In the midst of the turmoil, some asset managers decided to suspend redemptions, including most property funds, because of “valuation uncertainty” and the intensity of outflows (run on the fund) that couldn’t be met through sales of these illiquid assets, indicating, as ESMA says, “that funds exposed to less liquid asset classes are more likely to be affected by shocks originating in other markets than funds invested in more liquid assets.”

In its report, which analyzes the period from late February to the end of June, ESMA saw the financial market go through three different stages:

  1. A liquidity and volatility period (mid-February – end-March) during which markets, investment funds and infrastructures faced inordinate levels of stress. Huge volumes of money poured out of management funds and high-risk assets. Redemptions from bond funds reached record highs in March, resulting in outflows of 4% of their net asset value (NAV) in 1Q20.
  2. A rebound period (early to end-April) in which markets rebounded swiftly on the back of hugely accommodative monetary and fiscal policy actions, which continue to this days. Outflows from funds slowed and eventually gave way to net inflows, as investors flooded back into the market. By the end of April around half of the fund outflows had been reversed.
  3. A differentiation stage (starting early May) during which credit and solvency risk came to the fore, as investors began differentiating between issuers and asset classes amid ongoing deterioration of economic fundamentals.

In the second quarter as a whole, as volatility receded and liquidity improved, European equity markets enjoyed their best quarterly performance since 2015, with a rise of 20%. They are now up around 40% since the trough reached in mid-March, and are almost back to pre-crisis levels. But the performance of European stock markets has been wildly uneven:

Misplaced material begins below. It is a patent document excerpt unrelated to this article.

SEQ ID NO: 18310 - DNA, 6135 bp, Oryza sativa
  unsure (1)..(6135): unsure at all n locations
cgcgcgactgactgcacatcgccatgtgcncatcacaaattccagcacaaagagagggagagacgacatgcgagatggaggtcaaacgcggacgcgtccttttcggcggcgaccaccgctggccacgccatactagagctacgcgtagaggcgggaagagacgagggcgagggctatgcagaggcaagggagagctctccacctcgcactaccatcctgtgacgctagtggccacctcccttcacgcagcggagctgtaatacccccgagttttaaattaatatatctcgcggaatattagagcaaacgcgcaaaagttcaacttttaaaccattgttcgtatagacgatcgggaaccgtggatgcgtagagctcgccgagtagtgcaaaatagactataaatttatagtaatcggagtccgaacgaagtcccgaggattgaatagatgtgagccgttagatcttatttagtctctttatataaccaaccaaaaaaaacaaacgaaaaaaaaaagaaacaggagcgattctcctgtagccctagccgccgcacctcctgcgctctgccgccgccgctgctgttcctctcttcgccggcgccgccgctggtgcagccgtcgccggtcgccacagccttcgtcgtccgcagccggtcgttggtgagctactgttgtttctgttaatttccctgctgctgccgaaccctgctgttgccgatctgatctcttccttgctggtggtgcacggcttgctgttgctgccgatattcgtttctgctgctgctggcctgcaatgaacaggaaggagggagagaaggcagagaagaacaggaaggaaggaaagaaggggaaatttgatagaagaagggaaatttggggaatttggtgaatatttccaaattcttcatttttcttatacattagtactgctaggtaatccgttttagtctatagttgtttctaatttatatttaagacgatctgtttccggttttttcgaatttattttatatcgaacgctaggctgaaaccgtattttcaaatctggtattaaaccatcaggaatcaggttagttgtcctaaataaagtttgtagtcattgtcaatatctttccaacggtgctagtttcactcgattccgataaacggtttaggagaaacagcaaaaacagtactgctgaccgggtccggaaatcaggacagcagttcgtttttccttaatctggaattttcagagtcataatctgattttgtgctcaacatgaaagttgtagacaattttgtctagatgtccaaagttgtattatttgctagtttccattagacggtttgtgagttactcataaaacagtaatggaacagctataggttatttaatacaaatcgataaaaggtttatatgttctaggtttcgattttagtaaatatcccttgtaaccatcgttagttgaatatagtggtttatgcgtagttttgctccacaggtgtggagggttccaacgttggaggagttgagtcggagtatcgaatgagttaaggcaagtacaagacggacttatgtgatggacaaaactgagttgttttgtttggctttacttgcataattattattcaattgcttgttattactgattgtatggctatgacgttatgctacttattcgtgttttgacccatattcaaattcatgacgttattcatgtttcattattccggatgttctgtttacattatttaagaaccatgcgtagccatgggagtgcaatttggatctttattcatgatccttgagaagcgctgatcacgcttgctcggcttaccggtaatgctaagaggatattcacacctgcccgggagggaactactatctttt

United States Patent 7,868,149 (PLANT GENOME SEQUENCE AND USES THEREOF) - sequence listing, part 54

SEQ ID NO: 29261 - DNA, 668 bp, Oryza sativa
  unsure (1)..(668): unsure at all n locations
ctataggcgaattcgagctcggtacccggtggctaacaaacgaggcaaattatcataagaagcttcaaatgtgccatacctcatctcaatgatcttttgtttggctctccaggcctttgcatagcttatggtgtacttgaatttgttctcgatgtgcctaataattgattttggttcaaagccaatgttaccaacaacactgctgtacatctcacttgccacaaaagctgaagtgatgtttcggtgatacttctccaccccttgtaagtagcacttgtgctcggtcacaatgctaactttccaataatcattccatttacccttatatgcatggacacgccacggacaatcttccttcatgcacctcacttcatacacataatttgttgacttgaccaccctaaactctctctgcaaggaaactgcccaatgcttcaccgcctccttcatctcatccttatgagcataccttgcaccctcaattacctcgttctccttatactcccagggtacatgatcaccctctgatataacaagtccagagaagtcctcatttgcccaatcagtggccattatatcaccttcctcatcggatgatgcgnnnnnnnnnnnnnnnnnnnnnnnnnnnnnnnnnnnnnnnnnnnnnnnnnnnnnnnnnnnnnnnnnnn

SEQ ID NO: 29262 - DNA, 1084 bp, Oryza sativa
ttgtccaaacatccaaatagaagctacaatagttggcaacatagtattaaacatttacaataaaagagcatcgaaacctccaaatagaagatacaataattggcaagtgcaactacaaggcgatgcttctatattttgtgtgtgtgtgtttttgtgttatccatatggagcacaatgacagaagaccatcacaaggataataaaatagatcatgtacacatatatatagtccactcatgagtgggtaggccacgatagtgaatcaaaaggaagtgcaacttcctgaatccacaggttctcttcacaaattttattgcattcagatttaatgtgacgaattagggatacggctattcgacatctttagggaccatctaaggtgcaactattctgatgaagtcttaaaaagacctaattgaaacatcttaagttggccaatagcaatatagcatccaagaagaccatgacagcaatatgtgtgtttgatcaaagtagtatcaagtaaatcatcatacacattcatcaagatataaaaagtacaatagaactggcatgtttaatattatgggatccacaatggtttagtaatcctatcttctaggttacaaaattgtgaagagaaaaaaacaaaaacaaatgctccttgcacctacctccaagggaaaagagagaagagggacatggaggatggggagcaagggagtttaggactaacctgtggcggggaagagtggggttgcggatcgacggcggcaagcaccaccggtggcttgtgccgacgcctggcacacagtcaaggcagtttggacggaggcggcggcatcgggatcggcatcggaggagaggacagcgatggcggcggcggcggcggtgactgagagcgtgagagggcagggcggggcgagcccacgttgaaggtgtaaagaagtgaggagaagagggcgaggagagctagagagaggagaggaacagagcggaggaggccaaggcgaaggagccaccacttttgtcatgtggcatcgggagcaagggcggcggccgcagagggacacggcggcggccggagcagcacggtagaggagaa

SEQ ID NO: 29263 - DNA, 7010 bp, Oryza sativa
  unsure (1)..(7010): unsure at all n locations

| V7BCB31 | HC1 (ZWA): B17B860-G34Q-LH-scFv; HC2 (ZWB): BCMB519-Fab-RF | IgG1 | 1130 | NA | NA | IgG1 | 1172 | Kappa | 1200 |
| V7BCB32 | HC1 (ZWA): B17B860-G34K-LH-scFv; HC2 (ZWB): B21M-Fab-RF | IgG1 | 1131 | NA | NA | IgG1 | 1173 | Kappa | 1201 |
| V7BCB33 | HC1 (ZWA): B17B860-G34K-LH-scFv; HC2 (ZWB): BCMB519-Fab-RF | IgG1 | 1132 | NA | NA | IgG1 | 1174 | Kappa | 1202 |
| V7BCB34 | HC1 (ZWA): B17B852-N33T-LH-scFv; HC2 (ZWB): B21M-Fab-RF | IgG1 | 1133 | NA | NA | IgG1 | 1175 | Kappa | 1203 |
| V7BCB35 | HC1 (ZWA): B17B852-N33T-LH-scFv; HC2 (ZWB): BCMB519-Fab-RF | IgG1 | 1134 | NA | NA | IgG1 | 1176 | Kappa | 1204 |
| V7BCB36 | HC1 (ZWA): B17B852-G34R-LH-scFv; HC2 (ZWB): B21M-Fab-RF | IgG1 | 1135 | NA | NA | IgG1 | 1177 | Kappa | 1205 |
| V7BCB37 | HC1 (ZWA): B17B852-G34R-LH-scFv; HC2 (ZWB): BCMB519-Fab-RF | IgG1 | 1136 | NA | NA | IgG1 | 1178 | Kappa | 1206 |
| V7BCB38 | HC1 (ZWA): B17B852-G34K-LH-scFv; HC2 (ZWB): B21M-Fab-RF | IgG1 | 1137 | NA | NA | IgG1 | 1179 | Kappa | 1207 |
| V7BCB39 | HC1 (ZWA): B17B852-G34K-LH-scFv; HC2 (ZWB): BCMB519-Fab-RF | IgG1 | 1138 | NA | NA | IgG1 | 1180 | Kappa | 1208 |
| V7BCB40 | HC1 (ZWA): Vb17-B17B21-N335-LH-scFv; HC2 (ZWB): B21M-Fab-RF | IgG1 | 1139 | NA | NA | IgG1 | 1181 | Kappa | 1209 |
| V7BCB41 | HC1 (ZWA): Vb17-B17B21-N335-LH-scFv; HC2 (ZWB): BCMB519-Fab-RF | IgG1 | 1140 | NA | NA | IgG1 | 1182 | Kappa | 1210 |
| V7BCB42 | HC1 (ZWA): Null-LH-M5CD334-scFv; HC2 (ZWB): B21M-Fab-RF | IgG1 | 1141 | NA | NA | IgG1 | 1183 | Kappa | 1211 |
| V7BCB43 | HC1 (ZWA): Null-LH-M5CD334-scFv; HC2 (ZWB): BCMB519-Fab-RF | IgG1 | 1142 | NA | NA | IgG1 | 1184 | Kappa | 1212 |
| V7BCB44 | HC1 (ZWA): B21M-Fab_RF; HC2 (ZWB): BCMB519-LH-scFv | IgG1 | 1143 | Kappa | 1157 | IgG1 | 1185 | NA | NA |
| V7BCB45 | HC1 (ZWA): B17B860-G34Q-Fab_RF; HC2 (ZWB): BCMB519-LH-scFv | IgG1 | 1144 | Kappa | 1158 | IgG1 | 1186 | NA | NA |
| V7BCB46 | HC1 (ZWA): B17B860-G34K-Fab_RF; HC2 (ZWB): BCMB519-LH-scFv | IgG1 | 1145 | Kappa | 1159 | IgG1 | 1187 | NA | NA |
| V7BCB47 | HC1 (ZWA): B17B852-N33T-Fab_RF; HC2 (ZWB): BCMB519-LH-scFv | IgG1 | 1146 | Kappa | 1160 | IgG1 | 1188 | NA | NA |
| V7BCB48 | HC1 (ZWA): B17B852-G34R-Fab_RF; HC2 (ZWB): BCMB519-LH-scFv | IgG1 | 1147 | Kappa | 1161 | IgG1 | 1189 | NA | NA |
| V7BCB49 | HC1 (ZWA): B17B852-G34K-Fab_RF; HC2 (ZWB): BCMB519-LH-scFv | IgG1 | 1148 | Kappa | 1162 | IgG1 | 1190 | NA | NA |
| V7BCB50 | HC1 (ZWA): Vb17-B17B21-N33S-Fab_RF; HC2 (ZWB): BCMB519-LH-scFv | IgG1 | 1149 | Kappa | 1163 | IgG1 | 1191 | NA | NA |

• By far the best performer, Germany’s DAXK index, which strips out the effects of dividends that are included in the DAX, has rebounded 48% and has come close to recapturing its pre-Covid highs.
  • France’s CAC has bounced back 32% and Italy’s FTSE Mbe, 30%
  • The continent’s two major laggards, Spain’s IBEX 35 and the UK’s FTSE 100, have respectively risen by just 14% and 13% off their March lows.

Italy and Spain were both locked down longer and more severely than Germany and are also hugely dependent on tourism, so it makes sense that their markets haven’t rebounded as much. More striking is the divergence between Spain’s index and its French and Italian counterparts, suggesting that investors are particularly worried about the Spanish economy. As for the UK, investors are skittish about what additional turmoil could occur if it were to leave the EU without a deal at the end of this year. By Nick Corbishley, for WOLF STREET.

“Valuation uncertainties” were citied once again. And the trail of the Windhorst bonds. Read… €22Bn Hedge Fund H2O, Majority-Owned by Natixis, Ordered to Freeze Funds. Fishy Smells Emanate